The nutrients in bold must be recorded. It is not possible to only give energy, fat and saturates. Other nutrients can be included. For example, if there is a nutrition claim, such as, ‘high in fibre’, then the information must be provided on that nutrient, even if it is not on the mandatory list.

When nutrition information is given on a label, as a minimum it must show the amount of each per 100g or 100ml. In addition to this information, it is possible to voluntary give information on a portion size, for example, half of one pizza, 30g cheese, or a ‘consumption unit’ such as a slice of bread. The portion must be easily recognisable to you. Remember, the manufacturer's idea of what constitutes a ‘serving’ or a ‘portion’ might not be the same as yours.

Nutritional labelling on the front of pack

Most of the big supermarkets and many food manufacturers also display nutritional information on the front of pre-packed food. Although there has been front of pack nutrition information in the UK for the past decade, it is now a requirement. It allows you to easily check what the food contains, compare similar products and choose the foods that best suit your needs.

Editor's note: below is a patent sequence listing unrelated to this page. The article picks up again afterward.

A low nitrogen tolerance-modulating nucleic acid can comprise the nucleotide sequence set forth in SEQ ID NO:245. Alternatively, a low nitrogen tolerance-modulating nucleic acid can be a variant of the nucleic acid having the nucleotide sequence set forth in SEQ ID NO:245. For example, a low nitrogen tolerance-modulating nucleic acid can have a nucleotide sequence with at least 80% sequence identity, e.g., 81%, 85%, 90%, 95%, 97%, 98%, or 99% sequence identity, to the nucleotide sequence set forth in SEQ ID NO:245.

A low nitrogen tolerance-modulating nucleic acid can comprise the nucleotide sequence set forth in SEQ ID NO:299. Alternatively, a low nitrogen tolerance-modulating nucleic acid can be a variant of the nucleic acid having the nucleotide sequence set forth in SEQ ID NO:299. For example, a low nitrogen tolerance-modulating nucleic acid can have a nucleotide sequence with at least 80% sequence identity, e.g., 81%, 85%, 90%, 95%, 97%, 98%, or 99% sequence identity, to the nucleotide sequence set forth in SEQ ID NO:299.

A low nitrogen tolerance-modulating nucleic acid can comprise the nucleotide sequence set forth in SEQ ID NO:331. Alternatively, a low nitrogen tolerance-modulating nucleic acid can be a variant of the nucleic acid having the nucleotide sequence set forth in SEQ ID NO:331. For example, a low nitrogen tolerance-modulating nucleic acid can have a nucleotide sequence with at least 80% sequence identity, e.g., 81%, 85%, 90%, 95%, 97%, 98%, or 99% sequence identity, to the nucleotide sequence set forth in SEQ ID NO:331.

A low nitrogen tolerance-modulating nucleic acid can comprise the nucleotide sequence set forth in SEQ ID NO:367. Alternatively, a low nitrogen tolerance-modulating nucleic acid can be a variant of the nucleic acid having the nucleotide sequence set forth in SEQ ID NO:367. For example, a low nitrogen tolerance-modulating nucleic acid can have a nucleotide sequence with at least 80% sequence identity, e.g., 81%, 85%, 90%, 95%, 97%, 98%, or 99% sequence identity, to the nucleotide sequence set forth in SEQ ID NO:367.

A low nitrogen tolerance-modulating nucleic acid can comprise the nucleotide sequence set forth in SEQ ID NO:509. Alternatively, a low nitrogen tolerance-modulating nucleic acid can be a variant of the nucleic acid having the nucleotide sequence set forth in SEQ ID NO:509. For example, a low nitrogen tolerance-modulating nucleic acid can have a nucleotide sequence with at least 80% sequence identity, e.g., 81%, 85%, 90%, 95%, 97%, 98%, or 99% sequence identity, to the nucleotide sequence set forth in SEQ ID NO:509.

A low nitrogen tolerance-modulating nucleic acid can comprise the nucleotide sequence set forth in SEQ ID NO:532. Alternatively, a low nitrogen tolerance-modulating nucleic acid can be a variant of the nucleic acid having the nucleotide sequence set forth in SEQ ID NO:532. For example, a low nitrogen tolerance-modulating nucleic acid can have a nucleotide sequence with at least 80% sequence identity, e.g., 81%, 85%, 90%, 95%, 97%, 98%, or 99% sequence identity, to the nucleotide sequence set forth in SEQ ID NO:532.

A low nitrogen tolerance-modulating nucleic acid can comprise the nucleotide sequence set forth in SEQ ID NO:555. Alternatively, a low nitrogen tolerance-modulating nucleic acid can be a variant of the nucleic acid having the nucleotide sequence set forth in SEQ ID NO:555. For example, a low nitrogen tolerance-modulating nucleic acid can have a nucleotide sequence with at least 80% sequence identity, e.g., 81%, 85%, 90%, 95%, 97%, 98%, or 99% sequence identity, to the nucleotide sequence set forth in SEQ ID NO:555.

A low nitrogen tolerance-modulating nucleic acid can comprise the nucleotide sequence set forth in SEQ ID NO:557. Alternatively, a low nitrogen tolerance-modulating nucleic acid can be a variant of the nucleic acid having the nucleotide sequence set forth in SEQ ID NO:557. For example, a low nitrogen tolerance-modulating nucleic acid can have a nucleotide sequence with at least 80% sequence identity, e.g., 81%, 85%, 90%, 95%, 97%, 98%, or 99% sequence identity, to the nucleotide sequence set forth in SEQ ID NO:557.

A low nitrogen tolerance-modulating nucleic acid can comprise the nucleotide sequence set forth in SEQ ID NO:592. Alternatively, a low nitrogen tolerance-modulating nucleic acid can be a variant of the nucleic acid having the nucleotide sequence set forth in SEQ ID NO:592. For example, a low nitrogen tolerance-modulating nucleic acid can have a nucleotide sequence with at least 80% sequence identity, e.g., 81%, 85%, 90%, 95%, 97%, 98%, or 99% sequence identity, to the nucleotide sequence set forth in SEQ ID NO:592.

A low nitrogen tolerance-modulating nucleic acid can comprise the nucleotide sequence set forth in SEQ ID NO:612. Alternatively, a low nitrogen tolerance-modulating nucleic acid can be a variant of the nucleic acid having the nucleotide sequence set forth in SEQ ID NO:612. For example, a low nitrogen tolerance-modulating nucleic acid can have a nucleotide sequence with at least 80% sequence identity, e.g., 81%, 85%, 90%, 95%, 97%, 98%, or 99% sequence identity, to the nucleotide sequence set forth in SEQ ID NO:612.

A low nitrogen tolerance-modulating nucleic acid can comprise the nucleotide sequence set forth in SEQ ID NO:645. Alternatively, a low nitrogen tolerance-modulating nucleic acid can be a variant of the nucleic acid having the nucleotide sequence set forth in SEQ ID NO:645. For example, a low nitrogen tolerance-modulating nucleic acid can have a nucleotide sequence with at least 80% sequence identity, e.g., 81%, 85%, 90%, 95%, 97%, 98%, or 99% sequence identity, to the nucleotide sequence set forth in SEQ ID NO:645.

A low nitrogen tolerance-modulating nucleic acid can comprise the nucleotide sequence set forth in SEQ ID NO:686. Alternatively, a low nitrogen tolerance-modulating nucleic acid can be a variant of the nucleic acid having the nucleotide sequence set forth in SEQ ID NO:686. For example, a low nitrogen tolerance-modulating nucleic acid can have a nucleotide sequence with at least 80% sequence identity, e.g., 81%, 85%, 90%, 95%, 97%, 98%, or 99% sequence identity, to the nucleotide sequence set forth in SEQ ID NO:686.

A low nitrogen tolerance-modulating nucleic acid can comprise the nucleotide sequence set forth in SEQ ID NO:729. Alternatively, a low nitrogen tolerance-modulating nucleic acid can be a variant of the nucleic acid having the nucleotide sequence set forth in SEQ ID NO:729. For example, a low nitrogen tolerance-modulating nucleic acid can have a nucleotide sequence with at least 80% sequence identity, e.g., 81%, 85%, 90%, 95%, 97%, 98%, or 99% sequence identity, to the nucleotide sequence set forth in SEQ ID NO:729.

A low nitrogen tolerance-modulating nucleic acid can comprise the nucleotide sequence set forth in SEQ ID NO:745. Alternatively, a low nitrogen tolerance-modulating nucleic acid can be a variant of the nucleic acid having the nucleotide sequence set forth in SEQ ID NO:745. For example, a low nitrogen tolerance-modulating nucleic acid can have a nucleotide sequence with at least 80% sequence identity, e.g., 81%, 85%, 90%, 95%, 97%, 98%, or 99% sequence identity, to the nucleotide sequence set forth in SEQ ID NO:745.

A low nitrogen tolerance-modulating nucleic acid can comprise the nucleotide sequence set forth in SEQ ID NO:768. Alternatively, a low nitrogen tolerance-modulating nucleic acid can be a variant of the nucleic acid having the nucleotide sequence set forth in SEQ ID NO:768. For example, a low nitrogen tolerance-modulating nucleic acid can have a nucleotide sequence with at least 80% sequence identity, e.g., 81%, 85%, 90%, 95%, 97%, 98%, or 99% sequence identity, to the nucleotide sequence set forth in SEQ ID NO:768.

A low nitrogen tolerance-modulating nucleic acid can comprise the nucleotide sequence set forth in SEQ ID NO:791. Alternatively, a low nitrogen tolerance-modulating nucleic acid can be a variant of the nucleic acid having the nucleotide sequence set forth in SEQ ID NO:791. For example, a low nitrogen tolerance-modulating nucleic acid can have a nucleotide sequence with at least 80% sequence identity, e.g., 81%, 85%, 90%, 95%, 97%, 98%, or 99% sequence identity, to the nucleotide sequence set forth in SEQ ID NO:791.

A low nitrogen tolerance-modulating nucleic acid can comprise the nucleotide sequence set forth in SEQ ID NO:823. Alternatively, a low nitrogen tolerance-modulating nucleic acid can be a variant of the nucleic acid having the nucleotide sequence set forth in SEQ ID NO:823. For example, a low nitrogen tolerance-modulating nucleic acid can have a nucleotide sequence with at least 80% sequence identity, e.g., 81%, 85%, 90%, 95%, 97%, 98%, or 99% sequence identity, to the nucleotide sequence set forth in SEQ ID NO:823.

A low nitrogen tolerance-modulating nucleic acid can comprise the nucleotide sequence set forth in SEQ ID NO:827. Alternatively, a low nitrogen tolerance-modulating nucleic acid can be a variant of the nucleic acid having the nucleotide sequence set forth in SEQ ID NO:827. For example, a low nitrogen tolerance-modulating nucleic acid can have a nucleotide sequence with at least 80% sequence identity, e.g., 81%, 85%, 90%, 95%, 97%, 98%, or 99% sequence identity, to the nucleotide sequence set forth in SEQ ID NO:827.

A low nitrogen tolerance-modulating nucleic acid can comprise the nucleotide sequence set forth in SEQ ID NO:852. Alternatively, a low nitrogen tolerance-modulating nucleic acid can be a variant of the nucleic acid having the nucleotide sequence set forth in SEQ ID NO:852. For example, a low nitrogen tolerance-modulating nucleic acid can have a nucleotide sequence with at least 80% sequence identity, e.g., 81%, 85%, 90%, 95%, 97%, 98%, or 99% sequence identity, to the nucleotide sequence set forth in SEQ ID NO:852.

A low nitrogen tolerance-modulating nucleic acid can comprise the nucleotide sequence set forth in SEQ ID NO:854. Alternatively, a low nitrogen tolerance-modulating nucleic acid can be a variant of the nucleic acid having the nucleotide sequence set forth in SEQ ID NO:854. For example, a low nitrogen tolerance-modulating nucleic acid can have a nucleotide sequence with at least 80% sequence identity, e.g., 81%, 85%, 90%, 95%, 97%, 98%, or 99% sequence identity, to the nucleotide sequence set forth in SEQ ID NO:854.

Front-of-pack labels, such as the label in the below image, provide information on the number of grams of fat, saturated fat, sugars and salt, and the amount of energy (in kJ and kcal) in a serving or portion of the food. Be aware, however, that the manufacturer's idea of a portion may be different from yours.

national labelling on front of pack

How do I know if a food is high in fat, saturated fat, sugar or salt?

There are guidelines (as shown in Table 2) to tell you if a food is high in fat, saturated fat, salt or sugar, or not.

Table 2: High and Low values for Fat, Saturated Fat, Sugar and Salt
All measures per 100g LOW HIGH
All measures per 100g Total Fat LOW 3g or less HIGH More than 17.5g
All measures per 100g Saturated Fat LOW 1.5g or less HIGH More than 5g